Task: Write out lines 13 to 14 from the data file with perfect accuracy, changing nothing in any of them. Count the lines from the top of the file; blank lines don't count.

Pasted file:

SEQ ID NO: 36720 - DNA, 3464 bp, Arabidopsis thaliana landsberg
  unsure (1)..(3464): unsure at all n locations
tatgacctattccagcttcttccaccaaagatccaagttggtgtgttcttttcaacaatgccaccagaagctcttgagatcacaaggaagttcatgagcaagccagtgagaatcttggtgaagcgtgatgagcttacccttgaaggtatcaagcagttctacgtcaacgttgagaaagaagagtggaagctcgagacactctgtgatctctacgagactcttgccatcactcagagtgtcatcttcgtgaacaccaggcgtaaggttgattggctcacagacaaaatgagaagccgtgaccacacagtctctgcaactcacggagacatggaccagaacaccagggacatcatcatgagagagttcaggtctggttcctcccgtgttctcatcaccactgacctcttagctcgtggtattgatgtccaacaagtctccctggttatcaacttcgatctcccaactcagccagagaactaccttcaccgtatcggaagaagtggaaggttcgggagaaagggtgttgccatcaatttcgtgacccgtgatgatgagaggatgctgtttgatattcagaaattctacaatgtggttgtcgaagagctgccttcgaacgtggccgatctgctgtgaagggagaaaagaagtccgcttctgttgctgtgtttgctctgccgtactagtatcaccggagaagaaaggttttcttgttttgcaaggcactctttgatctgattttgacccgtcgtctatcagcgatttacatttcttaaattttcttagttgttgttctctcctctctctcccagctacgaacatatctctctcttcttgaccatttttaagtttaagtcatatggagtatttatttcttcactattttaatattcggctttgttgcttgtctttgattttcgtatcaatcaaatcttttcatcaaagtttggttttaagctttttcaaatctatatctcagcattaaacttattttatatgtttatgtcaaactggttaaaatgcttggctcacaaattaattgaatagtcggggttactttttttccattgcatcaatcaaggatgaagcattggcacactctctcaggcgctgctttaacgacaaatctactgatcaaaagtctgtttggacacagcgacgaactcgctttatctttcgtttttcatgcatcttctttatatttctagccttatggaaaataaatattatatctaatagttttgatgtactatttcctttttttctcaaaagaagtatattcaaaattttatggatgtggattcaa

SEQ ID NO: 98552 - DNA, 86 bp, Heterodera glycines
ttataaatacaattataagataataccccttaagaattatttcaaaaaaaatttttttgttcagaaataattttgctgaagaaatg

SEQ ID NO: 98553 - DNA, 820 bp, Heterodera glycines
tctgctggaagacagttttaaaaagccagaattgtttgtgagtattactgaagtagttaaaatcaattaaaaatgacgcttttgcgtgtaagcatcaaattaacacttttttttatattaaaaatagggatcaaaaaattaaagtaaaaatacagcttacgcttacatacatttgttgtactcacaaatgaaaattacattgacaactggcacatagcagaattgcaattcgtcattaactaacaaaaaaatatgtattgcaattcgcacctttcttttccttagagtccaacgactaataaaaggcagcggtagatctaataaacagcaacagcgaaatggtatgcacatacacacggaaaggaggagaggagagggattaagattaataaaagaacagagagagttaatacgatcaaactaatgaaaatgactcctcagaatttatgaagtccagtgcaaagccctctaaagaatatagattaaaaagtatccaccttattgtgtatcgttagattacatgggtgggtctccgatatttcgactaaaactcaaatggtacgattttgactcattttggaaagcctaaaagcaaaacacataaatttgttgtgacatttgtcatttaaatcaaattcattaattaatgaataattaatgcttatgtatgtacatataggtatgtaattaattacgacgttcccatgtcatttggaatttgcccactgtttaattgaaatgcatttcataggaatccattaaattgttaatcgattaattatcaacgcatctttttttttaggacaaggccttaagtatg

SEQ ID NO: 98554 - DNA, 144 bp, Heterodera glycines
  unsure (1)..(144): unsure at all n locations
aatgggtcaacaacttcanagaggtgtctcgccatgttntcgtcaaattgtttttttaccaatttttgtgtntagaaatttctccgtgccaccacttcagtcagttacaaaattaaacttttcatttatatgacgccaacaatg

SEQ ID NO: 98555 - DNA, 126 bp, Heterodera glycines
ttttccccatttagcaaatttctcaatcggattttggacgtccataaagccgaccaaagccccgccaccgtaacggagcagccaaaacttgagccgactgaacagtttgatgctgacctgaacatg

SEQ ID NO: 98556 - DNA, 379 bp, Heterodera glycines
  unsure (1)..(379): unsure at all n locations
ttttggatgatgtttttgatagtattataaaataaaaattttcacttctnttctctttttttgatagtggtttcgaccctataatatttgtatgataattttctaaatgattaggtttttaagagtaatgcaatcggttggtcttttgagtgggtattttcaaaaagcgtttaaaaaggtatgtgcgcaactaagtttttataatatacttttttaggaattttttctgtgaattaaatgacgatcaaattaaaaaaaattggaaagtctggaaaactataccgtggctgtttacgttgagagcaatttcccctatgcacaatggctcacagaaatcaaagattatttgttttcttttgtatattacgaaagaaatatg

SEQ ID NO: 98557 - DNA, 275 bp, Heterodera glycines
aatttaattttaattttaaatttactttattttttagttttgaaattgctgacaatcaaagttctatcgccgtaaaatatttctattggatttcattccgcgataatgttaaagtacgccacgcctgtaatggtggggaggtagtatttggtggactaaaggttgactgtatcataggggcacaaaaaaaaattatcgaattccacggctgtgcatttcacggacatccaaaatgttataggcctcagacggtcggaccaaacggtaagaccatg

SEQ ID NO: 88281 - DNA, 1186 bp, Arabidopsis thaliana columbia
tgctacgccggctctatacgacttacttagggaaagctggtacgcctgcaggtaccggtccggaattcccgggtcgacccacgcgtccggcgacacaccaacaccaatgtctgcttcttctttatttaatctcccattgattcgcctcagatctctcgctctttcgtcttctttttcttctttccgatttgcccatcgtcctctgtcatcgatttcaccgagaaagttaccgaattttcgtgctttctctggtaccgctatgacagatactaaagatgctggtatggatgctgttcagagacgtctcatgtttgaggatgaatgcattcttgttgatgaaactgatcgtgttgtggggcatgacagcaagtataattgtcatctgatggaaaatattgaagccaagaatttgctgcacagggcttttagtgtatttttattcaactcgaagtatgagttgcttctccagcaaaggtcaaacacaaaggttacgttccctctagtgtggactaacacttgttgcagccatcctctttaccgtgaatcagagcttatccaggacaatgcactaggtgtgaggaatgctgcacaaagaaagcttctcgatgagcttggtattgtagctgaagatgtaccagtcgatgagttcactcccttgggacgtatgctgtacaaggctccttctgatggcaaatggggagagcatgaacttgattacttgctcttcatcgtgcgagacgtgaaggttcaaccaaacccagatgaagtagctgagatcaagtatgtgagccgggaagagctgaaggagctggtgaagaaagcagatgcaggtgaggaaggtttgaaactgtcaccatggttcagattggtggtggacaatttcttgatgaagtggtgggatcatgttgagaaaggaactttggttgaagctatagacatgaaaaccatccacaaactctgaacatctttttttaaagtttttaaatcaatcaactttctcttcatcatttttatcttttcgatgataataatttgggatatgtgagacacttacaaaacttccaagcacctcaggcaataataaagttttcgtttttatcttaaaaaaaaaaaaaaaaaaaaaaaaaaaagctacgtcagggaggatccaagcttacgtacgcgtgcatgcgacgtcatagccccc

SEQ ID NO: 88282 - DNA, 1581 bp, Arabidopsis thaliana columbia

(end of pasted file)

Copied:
SEQ ID NO: 98556 - DNA, 379 bp, Heterodera glycines
  unsure (1)..(379): unsure at all n locations